Mark Dayton: There were “oh no” groans among some DFLers when the former senator announced he was in the race. He has, however, been the surprise of the field. His “tax the rich” line has been the most applauded comment at a number of forums. Picking up the endorsement of the influential AFSCME union was a huge — and stunning — deal. Dayton has made it clear that he’ll go to a primary if he does not win endorsement, and in that environment, he’s tough. He can self-finance, and he’s much favored by seniors. Recent self-revelations about depression and an alcoholism slip probably don’t change anything for Dayton in the primary. For starters, insiders have been talking about Dayton’s “moods” for years. Beyond that, as a group, DFL primary voters are going to be as open-minded as any group regarding mental health issues.
BUT … there’s a sense among DFLers that, after his largely unsuccessful term as a U.S. senator, Dayton would be a weak candidate in the general election.
Matt Entenza: His futuristic messages about energy, the environment and education should appeal, but to date, he has not captured the imagination of many in the party. Quite bluntly, he generates virtually no presence behind a mic. Entenza is smart, progressive and has received the endorsement of Stonewall DFL (the gay community is highly organized and active and can be a substantial factor at both the convention or in the primary). Though he says he’s focus is on winning the endorsement, Entenza, like Dayton, could be a big factor in the primary, where his ability to self-finance separates him from most candidates.
BUT … some in the party can’t forget the blundering Entenza-Hatch feud of 2006 that featured a firm hired by Entenza trying to dig up dirt on eventual gubernatorial nominee Mike Hatch. That forced Entenza out of his effort to run for attorney general. Additionally, one of the reasons he can self-finance is that his spouse, Lois Quam, a supporter of a public option in a health insurance overhaul, made zillions as an executive with UnitedHealth Group.
Susan Gaertner: Nobody has been at this race longer than the Ramsey County district attorney. Her persistence is commendable. Her message — that the party must appeal to Minnesota centrists — makes sense. Her belief that Amy Klobuchar’s overwhelming victory in her first Senate race shows that voters have confidence in both women and prosecuting attorneys is logical. Gaertner has managed to pick up the endorsement of children’s advocate Patty Wetterling and a couple of elected officials.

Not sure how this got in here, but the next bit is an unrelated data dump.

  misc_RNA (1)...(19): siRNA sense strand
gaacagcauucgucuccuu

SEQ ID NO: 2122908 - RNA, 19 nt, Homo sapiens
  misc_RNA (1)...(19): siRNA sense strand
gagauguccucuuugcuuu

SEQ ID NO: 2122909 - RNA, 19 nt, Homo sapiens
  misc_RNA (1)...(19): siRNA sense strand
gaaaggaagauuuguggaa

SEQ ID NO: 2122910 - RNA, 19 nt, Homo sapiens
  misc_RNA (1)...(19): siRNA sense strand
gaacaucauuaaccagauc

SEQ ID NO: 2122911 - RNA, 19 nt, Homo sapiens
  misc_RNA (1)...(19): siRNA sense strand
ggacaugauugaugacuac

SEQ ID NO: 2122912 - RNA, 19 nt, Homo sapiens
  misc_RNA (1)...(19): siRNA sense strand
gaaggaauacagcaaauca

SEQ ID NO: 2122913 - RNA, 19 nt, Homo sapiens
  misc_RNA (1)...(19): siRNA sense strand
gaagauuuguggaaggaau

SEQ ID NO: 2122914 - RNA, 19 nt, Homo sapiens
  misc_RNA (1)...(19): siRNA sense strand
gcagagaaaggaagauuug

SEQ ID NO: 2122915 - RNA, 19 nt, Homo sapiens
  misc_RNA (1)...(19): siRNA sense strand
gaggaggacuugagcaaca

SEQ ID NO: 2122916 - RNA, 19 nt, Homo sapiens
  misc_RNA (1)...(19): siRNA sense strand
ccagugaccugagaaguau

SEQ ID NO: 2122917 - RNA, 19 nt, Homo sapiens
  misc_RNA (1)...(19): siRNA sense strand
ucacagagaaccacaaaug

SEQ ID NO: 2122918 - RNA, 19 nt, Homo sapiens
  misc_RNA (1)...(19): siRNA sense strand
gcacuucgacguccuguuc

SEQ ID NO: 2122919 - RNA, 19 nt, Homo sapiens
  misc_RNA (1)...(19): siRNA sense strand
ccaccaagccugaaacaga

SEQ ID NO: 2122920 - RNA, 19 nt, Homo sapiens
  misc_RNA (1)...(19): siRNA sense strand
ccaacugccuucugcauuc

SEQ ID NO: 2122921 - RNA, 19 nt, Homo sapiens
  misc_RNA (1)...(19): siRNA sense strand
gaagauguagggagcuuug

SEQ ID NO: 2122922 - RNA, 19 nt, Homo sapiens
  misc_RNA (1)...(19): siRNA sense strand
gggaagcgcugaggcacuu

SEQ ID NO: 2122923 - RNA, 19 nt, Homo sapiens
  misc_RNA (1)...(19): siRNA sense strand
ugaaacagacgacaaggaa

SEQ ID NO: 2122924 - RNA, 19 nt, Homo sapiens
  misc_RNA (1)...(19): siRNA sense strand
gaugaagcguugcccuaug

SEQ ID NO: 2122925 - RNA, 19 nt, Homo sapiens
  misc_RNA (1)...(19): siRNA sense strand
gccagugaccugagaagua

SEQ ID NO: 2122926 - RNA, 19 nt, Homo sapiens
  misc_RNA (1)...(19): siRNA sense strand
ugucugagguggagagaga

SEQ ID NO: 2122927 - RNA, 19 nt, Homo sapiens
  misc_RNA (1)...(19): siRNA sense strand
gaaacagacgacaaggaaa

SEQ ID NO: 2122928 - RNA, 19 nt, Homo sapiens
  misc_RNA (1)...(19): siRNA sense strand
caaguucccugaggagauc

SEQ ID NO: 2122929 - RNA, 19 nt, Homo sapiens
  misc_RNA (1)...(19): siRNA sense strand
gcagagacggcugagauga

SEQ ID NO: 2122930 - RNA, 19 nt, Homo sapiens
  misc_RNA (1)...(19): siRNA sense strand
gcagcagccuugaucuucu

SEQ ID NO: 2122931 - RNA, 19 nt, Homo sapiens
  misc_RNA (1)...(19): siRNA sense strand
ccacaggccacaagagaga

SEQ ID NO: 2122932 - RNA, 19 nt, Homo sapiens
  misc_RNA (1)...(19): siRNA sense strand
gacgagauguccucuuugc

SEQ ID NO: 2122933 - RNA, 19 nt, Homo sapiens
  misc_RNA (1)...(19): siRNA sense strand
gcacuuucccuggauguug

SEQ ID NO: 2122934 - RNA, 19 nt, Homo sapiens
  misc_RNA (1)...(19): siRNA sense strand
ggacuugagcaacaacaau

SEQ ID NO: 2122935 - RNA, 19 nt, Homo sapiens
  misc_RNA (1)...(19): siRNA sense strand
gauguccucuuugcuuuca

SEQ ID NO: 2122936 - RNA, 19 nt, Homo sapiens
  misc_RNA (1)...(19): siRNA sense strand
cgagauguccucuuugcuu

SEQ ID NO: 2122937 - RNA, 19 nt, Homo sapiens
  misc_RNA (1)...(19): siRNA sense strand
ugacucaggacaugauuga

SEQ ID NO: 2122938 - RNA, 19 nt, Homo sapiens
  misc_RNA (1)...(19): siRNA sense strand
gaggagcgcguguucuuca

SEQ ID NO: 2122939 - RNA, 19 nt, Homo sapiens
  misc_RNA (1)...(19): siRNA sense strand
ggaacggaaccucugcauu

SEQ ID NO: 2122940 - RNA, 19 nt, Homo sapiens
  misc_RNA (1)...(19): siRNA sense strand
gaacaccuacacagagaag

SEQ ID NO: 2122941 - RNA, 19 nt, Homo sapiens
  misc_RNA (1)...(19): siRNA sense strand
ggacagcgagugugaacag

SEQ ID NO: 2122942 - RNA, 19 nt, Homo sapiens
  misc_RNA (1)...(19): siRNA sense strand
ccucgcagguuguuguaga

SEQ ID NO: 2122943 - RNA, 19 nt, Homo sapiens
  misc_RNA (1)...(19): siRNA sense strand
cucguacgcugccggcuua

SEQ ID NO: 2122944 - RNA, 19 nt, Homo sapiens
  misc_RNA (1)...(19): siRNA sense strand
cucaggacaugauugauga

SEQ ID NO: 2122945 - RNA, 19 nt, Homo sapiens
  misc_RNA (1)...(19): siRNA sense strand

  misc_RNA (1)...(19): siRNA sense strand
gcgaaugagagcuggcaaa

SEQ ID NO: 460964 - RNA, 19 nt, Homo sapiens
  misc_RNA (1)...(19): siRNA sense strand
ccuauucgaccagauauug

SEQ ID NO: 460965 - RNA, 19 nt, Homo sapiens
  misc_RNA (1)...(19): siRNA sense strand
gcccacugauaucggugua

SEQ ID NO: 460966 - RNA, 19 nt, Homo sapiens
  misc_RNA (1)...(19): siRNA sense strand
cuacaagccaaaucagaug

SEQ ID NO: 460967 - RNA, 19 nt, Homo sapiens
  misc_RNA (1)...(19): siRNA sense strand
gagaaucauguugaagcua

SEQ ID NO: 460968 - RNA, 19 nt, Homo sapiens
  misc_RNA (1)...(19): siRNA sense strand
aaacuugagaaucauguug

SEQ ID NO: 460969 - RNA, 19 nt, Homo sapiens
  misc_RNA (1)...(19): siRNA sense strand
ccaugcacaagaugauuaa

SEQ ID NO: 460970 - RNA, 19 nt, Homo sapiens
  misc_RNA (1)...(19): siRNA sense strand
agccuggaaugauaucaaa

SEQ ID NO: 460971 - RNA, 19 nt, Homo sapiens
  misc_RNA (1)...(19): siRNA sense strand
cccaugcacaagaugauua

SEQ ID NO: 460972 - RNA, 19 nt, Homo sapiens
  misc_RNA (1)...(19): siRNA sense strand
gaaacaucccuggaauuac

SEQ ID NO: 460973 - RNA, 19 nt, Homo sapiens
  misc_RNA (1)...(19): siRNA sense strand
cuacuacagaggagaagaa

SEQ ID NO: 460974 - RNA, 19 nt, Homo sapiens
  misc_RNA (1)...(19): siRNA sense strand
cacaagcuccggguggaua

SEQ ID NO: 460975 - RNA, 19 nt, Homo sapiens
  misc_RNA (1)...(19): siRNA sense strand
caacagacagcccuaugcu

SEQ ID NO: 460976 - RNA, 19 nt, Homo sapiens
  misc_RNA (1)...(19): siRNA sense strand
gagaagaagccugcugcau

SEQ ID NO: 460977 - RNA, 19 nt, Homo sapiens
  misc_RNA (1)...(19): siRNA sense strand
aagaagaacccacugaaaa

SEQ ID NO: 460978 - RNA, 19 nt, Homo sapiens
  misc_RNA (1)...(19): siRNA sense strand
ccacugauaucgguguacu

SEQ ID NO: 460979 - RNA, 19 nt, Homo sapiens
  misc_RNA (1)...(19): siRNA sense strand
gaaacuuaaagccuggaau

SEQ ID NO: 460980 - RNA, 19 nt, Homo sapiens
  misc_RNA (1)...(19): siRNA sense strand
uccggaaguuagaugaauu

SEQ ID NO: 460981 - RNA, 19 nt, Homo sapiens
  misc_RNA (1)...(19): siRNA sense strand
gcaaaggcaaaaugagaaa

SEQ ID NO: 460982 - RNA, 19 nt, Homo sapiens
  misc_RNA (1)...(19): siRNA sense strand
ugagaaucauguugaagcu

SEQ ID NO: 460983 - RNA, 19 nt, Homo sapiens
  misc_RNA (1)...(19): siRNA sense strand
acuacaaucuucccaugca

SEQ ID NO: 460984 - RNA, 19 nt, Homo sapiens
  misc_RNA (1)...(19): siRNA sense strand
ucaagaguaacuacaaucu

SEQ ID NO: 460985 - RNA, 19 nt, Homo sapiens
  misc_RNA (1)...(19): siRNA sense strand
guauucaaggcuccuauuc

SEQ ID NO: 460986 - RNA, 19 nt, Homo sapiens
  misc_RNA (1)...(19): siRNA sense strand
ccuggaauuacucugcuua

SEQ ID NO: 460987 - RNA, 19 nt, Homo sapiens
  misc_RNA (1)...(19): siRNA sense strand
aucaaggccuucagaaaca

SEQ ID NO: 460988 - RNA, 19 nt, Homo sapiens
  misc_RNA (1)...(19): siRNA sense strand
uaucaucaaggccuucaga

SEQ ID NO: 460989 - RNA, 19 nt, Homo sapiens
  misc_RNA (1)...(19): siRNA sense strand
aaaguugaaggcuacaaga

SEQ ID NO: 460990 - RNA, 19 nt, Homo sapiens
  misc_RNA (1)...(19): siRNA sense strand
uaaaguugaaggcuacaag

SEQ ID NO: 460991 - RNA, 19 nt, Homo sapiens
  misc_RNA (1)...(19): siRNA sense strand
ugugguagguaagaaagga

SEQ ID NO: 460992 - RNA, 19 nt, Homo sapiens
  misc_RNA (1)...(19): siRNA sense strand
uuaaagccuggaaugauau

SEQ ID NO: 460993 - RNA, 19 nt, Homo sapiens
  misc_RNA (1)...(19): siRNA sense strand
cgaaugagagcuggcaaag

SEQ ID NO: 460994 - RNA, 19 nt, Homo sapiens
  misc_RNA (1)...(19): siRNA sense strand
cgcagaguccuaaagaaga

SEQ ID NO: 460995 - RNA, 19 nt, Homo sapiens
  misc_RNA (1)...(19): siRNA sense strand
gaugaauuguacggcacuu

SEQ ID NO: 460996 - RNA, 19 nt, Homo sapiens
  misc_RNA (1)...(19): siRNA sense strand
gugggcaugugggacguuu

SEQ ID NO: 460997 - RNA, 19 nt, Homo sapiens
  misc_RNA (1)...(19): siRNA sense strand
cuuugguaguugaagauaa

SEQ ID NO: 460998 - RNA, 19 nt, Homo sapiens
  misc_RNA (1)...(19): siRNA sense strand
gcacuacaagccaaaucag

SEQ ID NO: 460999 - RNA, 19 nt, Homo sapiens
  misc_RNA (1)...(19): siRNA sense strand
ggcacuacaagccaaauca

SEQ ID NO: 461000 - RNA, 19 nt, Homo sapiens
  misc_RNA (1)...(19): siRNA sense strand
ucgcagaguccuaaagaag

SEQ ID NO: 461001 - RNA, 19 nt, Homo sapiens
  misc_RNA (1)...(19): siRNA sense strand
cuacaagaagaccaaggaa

BUT … at this point, it’s hard to imagine Gaertner getting past the first ballot at the state convention.
Steve Kelley: The former state legislator from Hopkins is much admired for his intelligence and his competence. Most DFLers who have paid any attention at all to the outcome of failed gubernatorial races dating to 1990 understand that whatever the party has been doing doesn’t work. Kelley says the party must learn to appeal to moderate voters in the suburbs, which he says he can do. Kelley, who has the support of 4th District Congresswoman Betty McCollum, won’t likely score high in early endorsement ballots, but he could be the sort of consensus candidate who brings everyone together in later ballots.
BUT … the man can be dull. Additionally, he’s seen as one of those candidates who has been around the block one too many times, even though that’s an unfair perception.
John Marty: He’s a progressive’s progressive, a lefty’s lefty, the Mr. Clean of clean government. The Roseville senator will rally some support among those who share his belief in universal health care for Minnesotans. He’ll be the candidate so many of the party’s activists will want to support.
BUT … it’s hard for many in the party to forget the 1994 gubernatorial election, when as the party’s nominee, he drew just 34 percent against Arne Carlson’s 63 percent.
Tom Rukavina: The state rep from Virginia has the potential to give the sort of fiery speech that actually will win over the hearts of some undecided convention delegates. His straight-from-the-gut style has led to his being called “the love child” of Jesse Ventura and Paul Wellstone, a comparison that delights him.
BUT … because of his style and sometimes politically incorrect cracks, he’s not seen as a serious candidate by many.
R.T. Rybak: Rybak, the thrice-elected mayor of Minneapolis, seems to be pinning his endorsement hopes on bringing in on a state level the new breed of Obama activists. Rybak does have ties to the president, and he does have the sort of enthusiasm that seems to generate some excitement. But the fact is that a gubernatorial race doesn’t fan passions the way a presidential race does. It remains to be seen if Obama activists will have the interest and endurance it takes to become state convention delegates. Rybak does have one Teamsters union endorsement as well as an endorsement from the DFL Veterans Caucus. At 55 years old, he still comes across as a fresh face.
BUT … no Minneapolis mayor ever has been elected governor, and Rybak may have a difficult time connecting with lunch-bucket DFLers.